Tesla CEO Elon Musk has been ridiculously busy lately what with introducing an all-electric truck line, a new Roadster, digging tunnels, trying to rebuild Puerto Rico’s electrical grid, and racing the clock for a bet he placed on building the world’s biggest grid-scale battery in 100 days or it’s free.
While many stateside were distracted by Thanksgiving, Musk made good on his bet, announcing the completion of a 100-MW lithium-ion battery project in South Australia. If he hadn’t been able to complete the project before the deadline, Musk estimates it would have cost him at least $50 million, according to Business Insider.
“When fully charged, the battery, Tesla’s Powerpack, is expected to hold enough power for 8,000 homes for 24 hours, or more than 30,000 houses for an hour during a blackout,” Business Insider reported.
The battery is connected to the Neoen’s Hornsdale Wind Farm, located around 140 miles north of Adelaide. It has interesting implications for South Australia, which has been plagued by blackouts and soaring energy prices. Known as the Hornsdale Power Reserve battery, it can provide back-up power to a small city, but Greentech Media’s Julian Spector points out that the system can only supply electricity for an hour.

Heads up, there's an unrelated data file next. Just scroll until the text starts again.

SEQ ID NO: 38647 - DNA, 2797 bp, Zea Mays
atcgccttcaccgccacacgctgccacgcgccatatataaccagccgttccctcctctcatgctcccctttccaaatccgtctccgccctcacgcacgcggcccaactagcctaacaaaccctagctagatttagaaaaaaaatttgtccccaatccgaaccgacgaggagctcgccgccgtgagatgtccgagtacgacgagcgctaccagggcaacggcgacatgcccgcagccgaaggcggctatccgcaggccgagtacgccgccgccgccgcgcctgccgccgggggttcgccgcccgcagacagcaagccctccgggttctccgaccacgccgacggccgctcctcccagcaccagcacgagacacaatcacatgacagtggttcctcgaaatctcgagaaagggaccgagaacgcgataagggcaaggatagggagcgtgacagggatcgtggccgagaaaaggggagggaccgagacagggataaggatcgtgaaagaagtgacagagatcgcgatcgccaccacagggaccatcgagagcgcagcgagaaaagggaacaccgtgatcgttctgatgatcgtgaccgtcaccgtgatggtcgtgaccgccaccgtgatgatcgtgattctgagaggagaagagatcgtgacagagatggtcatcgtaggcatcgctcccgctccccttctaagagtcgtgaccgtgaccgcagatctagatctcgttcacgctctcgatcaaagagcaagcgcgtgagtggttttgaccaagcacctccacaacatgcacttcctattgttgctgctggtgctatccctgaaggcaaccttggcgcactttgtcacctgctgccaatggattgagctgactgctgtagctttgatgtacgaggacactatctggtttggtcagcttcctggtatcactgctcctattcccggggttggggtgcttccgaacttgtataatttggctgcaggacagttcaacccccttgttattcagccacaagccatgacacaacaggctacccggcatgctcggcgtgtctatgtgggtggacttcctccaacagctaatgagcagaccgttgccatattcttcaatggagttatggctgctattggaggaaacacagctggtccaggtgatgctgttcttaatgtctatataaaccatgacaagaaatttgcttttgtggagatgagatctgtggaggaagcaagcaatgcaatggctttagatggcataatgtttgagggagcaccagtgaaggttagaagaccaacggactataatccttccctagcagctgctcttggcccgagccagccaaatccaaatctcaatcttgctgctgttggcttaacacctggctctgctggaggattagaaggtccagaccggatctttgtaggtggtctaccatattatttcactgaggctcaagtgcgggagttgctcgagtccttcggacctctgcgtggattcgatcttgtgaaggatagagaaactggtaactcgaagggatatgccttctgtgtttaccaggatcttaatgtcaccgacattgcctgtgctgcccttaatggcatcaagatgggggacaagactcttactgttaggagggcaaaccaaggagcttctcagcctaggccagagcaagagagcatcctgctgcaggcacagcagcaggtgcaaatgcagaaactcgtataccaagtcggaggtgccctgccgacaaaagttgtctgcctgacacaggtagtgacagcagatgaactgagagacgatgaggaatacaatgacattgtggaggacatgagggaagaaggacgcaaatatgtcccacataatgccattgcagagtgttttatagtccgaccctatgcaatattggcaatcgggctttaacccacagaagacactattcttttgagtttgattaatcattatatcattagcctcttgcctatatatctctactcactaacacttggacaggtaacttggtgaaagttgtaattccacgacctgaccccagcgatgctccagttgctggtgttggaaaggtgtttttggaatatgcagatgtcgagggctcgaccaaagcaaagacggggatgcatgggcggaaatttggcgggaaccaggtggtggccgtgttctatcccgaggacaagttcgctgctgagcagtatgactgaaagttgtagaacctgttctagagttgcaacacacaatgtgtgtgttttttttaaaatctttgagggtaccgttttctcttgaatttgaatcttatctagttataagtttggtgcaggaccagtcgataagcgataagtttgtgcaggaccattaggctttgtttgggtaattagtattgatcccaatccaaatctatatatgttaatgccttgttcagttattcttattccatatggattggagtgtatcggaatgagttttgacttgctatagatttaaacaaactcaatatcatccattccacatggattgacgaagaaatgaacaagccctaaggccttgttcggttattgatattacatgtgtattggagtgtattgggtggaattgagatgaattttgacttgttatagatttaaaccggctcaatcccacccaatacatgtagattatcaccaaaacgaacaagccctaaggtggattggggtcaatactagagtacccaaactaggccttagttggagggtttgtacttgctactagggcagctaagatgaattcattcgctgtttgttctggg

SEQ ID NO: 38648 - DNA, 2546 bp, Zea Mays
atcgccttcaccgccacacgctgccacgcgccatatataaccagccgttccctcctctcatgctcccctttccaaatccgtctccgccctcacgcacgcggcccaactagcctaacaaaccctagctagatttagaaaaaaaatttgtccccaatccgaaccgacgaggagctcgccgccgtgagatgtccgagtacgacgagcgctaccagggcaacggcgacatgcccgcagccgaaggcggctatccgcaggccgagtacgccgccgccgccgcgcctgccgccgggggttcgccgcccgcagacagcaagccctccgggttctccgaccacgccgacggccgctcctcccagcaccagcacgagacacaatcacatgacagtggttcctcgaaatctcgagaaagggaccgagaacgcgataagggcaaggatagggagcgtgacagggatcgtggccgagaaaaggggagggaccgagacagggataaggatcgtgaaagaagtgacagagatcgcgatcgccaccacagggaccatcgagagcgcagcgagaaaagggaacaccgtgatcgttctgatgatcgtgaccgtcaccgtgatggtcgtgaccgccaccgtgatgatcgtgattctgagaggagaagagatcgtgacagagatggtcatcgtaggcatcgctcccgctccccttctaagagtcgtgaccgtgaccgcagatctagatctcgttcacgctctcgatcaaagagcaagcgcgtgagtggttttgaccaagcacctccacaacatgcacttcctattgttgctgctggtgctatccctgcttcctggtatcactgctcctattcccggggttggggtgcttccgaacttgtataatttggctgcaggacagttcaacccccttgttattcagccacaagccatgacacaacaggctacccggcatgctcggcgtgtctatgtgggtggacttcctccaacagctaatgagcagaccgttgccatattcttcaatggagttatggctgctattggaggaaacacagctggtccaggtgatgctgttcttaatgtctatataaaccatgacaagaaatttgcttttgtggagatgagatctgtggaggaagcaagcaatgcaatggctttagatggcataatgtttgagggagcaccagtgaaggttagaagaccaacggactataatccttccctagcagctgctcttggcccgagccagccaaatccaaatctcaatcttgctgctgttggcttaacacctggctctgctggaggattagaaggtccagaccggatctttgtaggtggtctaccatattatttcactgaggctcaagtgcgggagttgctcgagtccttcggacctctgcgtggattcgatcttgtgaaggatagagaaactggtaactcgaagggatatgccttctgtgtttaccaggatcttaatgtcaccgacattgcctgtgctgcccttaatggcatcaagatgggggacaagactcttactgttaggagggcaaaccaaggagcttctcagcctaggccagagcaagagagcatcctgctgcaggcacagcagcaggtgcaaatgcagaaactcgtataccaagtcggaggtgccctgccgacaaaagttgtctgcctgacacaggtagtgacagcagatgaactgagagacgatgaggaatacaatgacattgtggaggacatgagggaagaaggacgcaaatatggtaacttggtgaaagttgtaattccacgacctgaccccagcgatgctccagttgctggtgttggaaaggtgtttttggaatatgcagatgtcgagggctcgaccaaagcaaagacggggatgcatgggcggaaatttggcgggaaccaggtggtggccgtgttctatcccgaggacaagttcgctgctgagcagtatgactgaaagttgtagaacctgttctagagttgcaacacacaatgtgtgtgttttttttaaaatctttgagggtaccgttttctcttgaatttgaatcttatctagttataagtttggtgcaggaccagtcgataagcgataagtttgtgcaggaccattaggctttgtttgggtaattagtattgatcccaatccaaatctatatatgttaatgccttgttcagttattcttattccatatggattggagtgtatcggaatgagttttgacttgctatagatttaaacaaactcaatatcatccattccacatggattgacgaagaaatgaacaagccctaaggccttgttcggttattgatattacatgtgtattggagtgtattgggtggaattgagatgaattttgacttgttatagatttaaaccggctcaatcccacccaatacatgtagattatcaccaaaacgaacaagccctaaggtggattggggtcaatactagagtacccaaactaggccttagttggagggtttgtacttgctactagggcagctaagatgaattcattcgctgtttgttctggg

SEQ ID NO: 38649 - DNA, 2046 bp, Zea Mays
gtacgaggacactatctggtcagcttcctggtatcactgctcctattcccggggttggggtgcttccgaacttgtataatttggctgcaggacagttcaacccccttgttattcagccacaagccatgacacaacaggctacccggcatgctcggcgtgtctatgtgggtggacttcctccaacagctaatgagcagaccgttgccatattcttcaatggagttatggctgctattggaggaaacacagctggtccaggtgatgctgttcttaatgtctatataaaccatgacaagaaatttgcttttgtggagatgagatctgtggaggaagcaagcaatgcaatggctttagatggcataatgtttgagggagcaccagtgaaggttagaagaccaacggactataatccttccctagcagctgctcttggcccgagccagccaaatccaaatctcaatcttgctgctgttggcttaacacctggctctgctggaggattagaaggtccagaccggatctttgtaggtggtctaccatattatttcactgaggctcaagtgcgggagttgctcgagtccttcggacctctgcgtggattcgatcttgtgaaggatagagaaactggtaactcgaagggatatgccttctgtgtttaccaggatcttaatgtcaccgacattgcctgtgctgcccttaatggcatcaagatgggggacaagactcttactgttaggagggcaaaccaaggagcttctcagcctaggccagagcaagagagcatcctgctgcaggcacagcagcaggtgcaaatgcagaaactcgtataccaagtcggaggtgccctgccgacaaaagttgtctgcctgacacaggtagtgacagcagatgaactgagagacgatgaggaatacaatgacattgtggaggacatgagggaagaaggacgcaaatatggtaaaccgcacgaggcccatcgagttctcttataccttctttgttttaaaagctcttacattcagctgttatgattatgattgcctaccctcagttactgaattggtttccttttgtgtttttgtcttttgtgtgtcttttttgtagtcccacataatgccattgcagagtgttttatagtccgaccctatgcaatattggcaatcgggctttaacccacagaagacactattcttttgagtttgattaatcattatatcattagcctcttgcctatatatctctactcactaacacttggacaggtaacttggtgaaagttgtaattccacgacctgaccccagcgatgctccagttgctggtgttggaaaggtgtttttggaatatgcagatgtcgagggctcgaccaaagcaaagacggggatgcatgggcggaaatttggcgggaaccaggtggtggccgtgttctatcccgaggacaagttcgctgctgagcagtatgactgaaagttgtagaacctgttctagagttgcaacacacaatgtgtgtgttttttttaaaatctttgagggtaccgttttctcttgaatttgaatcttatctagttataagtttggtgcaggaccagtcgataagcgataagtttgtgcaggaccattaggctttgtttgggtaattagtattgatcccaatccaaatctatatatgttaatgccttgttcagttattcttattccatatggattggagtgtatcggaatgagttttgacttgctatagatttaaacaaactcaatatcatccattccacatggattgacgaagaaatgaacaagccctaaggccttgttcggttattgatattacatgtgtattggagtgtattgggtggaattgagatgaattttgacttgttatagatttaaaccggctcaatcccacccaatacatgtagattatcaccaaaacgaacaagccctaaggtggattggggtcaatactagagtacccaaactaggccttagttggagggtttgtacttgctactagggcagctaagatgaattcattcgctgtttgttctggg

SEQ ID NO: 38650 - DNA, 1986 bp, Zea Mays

“That could be long enough to keep customers powered until traditional backup generation sources come on-line, preventing a repeat of the rolling blackouts that spurred the project,” Spector wrote. Anything longer will require more development. “Australians will have to wait for storage paired with renewables to compete with gas peakers at scale. That should happen by 2025, according to research by GTM and Wood Mackenzie.”
Energy has become a political hot potato in Australia. Many are watching the country’s government, energy industry, and corporate leaders closely to see how they move ahead. Whatever unfolds could also happen in other parts of the world with similar conditions. Let’s see what this grid-scale battery can really do.
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